AMANDA – Russia and China reloaded

Russia and China reloadedAs the West and Russia continue to slog it out over Ukraine, China is reaping the benefits of this struggle. Moscow has turned to China to boost its flagging economy following sanctions being placed on it by the European Union, the US and others.

The Chinese have also no doubt taken note of the fact that despite all of its strong statements, the West has not been able to halt Putin or find a quick solution to the conflict in Ukraine. Rather, they continue to have a andldquoletand#39s wait for Putinand#39s next move then decide what to do nextandrdquo policy.

This has underlined the foreign policy of US President Barack Obamaand#39s administration — a policy without a real strategy or success stories, which has kept US officials facing simultaneous simmering crises all around the world. This is something that Beijing certainly will not mind.

China has had a rather low key approach to the Ukraine crisis, calling for restraint and a negotiated solution. With fears over separatism in its own Xinjiang province, Beijing does not like the actions of either side.

China is strongly opposed to land grabs such as that carried out by Russia over Crimea it also strongly dislikes anti-government protests such as Euromaidan, which eventually led to the departure of former Ukrainian President Viktor Yanukovych. China has also been far than happy to see the deepening separatism in eastern Ukraine.

However, despite these worries, events in the country have opened a huge window of opportunity for China to see gains both economically and politically. Hence China has had no qualms about boosting ties with Russia, particularly when Russia is in a much weaker negotiating poison due to the sanctions.

Furthermore, Putin is quite a popular figure in China, with many Chinese appreciating his andldquohard manandrdquo macho image and style of rule.For Russia, deepening ties with China is important.

Despite Russian President Vladimir Putin recently stating andldquothe West is simply sawing off the branch it is sitting on by placing sanctions on Russia,andrdquo this is far from the real picture. While the sanctions are uncomfortable for the West, particularly for the EU, the impact on the Russian economy is much more serious and increasingly painful.

Capital flight is significant the ruble has plummeted, increasing the cost of living the embargo placed by Russia on EU agricultural products has led to an increase in prices of certain foods and the plummeting oil price has rocked the Russian economy. The economic outlook for Russia will be determined by the global price of oil, domestic inflation, and the Ukrainian crisis, which has blocked Russiaand#39s access to foreign credit.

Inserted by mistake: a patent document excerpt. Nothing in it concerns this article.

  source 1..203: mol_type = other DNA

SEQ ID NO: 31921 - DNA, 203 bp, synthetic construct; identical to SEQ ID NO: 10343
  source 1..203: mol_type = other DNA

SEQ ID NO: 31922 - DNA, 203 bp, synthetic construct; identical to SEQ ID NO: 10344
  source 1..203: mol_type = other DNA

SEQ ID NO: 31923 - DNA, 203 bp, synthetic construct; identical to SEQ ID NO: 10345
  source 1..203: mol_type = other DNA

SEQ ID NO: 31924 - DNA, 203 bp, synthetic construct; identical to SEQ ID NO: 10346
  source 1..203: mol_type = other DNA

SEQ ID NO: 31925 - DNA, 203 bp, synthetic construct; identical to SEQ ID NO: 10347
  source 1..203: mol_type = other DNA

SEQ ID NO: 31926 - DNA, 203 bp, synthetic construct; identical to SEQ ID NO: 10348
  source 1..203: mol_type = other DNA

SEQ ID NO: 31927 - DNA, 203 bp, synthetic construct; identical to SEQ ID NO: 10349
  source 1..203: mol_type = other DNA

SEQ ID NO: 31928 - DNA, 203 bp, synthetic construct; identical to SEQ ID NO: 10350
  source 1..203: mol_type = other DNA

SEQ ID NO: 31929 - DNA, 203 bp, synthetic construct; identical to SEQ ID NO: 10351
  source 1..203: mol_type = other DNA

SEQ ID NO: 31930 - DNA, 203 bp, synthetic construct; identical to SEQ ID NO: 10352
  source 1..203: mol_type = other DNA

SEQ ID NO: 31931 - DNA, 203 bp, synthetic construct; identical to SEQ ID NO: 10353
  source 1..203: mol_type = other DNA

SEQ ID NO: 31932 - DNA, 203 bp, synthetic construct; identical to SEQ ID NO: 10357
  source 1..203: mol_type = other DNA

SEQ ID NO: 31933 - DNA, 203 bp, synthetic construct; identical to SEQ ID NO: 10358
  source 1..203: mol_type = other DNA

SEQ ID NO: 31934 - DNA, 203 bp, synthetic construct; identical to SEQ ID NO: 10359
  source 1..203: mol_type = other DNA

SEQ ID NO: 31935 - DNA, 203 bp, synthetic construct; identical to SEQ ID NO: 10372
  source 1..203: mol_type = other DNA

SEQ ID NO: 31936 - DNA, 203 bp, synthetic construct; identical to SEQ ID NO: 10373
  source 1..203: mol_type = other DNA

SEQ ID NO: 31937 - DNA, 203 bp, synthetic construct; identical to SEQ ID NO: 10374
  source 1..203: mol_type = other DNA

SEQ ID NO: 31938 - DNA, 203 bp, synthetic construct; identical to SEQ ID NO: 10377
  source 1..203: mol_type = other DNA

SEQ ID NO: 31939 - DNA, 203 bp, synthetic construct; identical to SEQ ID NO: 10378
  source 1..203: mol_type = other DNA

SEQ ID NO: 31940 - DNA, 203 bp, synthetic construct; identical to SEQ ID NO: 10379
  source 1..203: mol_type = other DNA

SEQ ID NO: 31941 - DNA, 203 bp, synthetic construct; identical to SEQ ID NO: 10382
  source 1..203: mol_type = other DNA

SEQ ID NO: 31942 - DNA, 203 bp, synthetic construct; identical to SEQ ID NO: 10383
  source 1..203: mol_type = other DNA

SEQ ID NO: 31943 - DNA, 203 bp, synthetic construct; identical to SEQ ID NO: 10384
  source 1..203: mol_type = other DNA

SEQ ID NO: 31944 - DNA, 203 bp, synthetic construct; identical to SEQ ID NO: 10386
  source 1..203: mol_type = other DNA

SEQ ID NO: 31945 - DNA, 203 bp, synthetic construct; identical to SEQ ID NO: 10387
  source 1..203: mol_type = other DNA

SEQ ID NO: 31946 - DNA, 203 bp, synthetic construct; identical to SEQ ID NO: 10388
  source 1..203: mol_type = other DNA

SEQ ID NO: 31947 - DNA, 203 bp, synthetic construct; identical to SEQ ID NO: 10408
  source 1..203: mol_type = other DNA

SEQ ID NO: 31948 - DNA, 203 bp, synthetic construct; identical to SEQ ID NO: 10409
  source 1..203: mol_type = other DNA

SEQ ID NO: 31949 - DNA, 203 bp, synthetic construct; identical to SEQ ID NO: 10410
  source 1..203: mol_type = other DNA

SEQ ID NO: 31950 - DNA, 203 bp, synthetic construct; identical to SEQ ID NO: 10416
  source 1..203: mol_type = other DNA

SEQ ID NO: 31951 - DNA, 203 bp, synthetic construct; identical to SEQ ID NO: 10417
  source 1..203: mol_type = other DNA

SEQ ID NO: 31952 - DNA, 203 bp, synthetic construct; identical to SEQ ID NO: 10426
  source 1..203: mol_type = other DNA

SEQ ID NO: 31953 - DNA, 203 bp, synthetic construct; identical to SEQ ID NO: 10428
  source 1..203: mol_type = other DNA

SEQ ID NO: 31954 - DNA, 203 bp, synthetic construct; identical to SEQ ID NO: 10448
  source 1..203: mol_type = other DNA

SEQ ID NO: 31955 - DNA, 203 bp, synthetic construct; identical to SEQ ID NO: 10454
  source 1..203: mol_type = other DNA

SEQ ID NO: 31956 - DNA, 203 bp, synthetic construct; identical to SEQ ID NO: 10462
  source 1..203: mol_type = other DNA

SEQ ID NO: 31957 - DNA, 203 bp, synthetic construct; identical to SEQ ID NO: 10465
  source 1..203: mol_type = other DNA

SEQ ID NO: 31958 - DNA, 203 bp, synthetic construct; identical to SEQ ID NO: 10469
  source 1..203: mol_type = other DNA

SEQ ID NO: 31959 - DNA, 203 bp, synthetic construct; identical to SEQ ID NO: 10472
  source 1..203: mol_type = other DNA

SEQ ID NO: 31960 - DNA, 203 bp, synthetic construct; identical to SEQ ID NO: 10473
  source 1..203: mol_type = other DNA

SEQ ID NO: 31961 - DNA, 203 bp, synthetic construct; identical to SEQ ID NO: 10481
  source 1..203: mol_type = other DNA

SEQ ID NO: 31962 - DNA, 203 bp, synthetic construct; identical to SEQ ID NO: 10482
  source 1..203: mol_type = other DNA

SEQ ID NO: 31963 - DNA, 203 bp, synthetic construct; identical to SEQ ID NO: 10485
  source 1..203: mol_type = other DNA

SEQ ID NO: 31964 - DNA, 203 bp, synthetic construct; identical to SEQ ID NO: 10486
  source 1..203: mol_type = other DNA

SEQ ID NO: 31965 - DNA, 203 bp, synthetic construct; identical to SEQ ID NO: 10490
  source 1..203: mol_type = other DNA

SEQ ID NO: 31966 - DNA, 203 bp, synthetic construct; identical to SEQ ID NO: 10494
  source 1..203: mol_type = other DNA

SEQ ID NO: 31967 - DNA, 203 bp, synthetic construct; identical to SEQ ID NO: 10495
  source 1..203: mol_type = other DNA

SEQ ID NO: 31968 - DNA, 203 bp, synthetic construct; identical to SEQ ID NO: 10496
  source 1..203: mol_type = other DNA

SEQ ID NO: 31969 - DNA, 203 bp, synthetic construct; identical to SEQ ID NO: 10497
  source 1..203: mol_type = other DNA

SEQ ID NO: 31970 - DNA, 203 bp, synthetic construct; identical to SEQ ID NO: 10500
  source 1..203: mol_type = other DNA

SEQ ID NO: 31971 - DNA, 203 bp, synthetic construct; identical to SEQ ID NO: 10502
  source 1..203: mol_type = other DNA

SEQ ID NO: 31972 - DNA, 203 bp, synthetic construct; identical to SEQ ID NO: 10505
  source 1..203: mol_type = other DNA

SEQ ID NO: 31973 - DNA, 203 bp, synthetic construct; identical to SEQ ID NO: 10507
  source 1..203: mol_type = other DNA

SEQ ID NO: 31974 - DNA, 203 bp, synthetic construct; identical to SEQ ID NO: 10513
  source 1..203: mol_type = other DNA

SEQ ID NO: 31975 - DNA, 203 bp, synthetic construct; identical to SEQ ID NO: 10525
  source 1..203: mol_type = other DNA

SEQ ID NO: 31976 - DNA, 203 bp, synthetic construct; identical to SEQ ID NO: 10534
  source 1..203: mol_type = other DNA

This situation is more tricky because Russia is very much a one-trick pony, with its economy dependent on one sectorNevertheless, while Russia is bruised, it is far from broken. Putin is now more popular than at any other time during this rule, and he has always been prepared to bear economic pain to achieve strategic objectives.

Furthermore, Putin knows well that Ukraineand#39s economic and political problems are going to be almost impossible to solve without Russian cooperation. In the meantime, closer cooperation with China, a country which does not like the USand#39s dominance any more than Russia does, and which is on the road to becoming the worldand#39s largest economy, is seen as crucially important.

So far the best example of increased ties has been the $400 billion 30-year deal that Moscow and Beijing signed in May for Russia to supply China with natural gas. While the deal is nowhere near as lucrative as those Russia has with EU member states, Russia probably hopes it will open the door to much deeper and broader cooperation.

Indeed, today China and Russia are in talks about deepening cooperation in many other areas, including in cyberspace — in other words, Internet governance — with the two leaderships also set to sign a whole swathe of agreements when they meet in Beijing in November There is also interest from other BRIC members in following the Russia-China Internet governance strategy, and other emerging economies, including Turkey and a number of states in Central Asia, may also be interested.Unless there a resolution to the crisis with Ukraine, Russia and China will further deepen their ties, which will considerably boost Chinaand#39s economic power and regional strength and influence, hence ultimately China could have a much broader impact on global international relations.

SOURCE: Today’s Zaman

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